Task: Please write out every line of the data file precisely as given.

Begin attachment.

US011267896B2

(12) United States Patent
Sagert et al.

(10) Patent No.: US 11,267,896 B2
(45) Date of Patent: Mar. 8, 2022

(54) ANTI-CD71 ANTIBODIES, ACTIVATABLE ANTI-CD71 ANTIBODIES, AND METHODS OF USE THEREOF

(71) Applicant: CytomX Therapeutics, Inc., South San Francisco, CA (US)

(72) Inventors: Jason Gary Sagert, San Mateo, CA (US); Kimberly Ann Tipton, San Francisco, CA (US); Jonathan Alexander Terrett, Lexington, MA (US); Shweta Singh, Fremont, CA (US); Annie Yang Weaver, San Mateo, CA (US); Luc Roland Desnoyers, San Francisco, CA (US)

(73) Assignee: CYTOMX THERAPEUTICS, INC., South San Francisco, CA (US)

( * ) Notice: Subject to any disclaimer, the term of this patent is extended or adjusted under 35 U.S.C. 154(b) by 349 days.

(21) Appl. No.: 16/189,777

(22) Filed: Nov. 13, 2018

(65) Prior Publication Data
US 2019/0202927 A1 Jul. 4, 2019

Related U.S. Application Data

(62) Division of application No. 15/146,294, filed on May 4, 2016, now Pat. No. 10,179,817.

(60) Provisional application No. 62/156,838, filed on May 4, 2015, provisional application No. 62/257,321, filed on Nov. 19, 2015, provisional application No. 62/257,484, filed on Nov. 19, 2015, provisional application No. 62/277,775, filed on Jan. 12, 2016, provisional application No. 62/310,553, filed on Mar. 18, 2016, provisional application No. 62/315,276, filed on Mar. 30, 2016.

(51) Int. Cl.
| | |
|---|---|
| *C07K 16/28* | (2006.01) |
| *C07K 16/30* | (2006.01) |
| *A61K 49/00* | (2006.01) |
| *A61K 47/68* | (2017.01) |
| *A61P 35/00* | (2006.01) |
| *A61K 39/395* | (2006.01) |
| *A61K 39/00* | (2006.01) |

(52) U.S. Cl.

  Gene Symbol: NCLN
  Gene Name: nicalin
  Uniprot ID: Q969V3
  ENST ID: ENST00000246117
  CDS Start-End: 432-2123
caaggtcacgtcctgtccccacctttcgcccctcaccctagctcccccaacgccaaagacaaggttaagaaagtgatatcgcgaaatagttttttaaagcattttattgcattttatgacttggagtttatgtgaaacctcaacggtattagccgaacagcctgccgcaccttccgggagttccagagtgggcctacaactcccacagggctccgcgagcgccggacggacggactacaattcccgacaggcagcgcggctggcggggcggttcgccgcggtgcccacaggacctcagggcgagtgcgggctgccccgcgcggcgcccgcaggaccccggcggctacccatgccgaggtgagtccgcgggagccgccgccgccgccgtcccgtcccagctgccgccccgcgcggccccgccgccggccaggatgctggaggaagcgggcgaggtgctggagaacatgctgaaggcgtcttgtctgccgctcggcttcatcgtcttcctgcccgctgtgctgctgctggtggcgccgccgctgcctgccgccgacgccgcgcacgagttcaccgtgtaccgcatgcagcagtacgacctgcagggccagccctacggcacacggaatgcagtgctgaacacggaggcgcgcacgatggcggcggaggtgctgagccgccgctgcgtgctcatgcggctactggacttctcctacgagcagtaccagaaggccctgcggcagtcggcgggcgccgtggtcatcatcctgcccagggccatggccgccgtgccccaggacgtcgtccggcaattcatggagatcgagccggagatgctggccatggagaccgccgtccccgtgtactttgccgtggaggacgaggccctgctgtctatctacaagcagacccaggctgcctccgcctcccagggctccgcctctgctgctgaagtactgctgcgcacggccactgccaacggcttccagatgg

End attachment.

US011267896B2

(12) United States Patent
Sagert et al.

(10) Patent No.: US 11,267,896 B2
(45) Date of Patent: Mar. 8, 2022

(54) ANTI-CD71 ANTIBODIES, ACTIVATABLE ANTI-CD71 ANTIBODIES, AND METHODS OF USE THEREOF

(71) Applicant: CytomX Therapeutics, Inc., South San Francisco, CA (US)

(72) Inventors: Jason Gary Sagert, San Mateo, CA (US); Kimberly Ann Tipton, San Francisco, CA (US); Jonathan Alexander Terrett, Lexington, MA (US); Shweta Singh, Fremont, CA (US); Annie Yang Weaver, San Mateo, CA (US); Luc Roland Desnoyers, San Francisco, CA (US)

(73) Assignee: CYTOMX THERAPEUTICS, INC., South San Francisco, CA (US)

( * ) Notice: Subject to any disclaimer, the term of this patent is extended or adjusted under 35 U.S.C. 154(b) by 349 days.

(21) Appl. No.: 16/189,777

(22) Filed: Nov. 13, 2018

(65) Prior Publication Data
US 2019/0202927 A1 Jul. 4, 2019

Related U.S. Application Data

(62) Division of application No. 15/146,294, filed on May 4, 2016, now Pat. No. 10,179,817.

(60) Provisional application No. 62/156,838, filed on May 4, 2015, provisional application No. 62/257,321, filed on Nov. 19, 2015, provisional application No. 62/257,484, filed on Nov. 19, 2015, provisional application No. 62/277,775, filed on Jan. 12, 2016, provisional application No. 62/310,553, filed on Mar. 18, 2016, provisional application No. 62/315,276, filed on Mar. 30, 2016.

(51) Int. Cl.
| | |
|---|---|
| *C07K 16/28* | (2006.01) |
| *C07K 16/30* | (2006.01) |
| *A61K 49/00* | (2006.01) |
| *A61K 47/68* | (2017.01) |
| *A61P 35/00* | (2006.01) |
| *A61K 39/395* | (2006.01) |
| *A61K 39/00* | (2006.01) |

(52) U.S. Cl.

  Gene Symbol: NCLN
  Gene Name: nicalin
  Uniprot ID: Q969V3
  ENST ID: ENST00000246117
  CDS Start-End: 432-2123
caaggtcacgtcctgtccccacctttcgcccctcaccctagctcccccaacgccaaagacaaggttaagaaagtgatatcgcgaaatagttttttaaagcattttattgcattttatgacttggagtttatgtgaaacctcaacggtattagccgaacagcctgccgcaccttccgggagttccagagtgggcctacaactcccacagggctccgcgagcgccggacggacggactacaattcccgacaggcagcgcggctggcggggcggttcgccgcggtgcccacaggacctcagggcgagtgcgggctgccccgcgcggcgcccgcaggaccccggcggctacccatgccgaggtgagtccgcgggagccgccgccgccgccgtcccgtcccagctgccgccccgcgcggccccgccgccggccaggatgctggaggaagcgggcgaggtgctggagaacatgctgaaggcgtcttgtctgccgctcggcttcatcgtcttcctgcccgctgtgctgctgctggtggcgccgccgctgcctgccgccgacgccgcgcacgagttcaccgtgtaccgcatgcagcagtacgacctgcagggccagccctacggcacacggaatgcagtgctgaacacggaggcgcgcacgatggcggcggaggtgctgagccgccgctgcgtgctcatgcggctactggacttctcctacgagcagtaccagaaggccctgcggcagtcggcgggcgccgtggtcatcatcctgcccagggccatggccgccgtgccccaggacgtcgtccggcaattcatggagatcgagccggagatgctggccatggagaccgccgtccccgtgtactttgccgtggaggacgaggccctgctgtctatctacaagcagacccaggctgcctccgcctcccagggctccgcctctgctgctgaagtactgctgcgcacggccactgccaacggcttccagatgg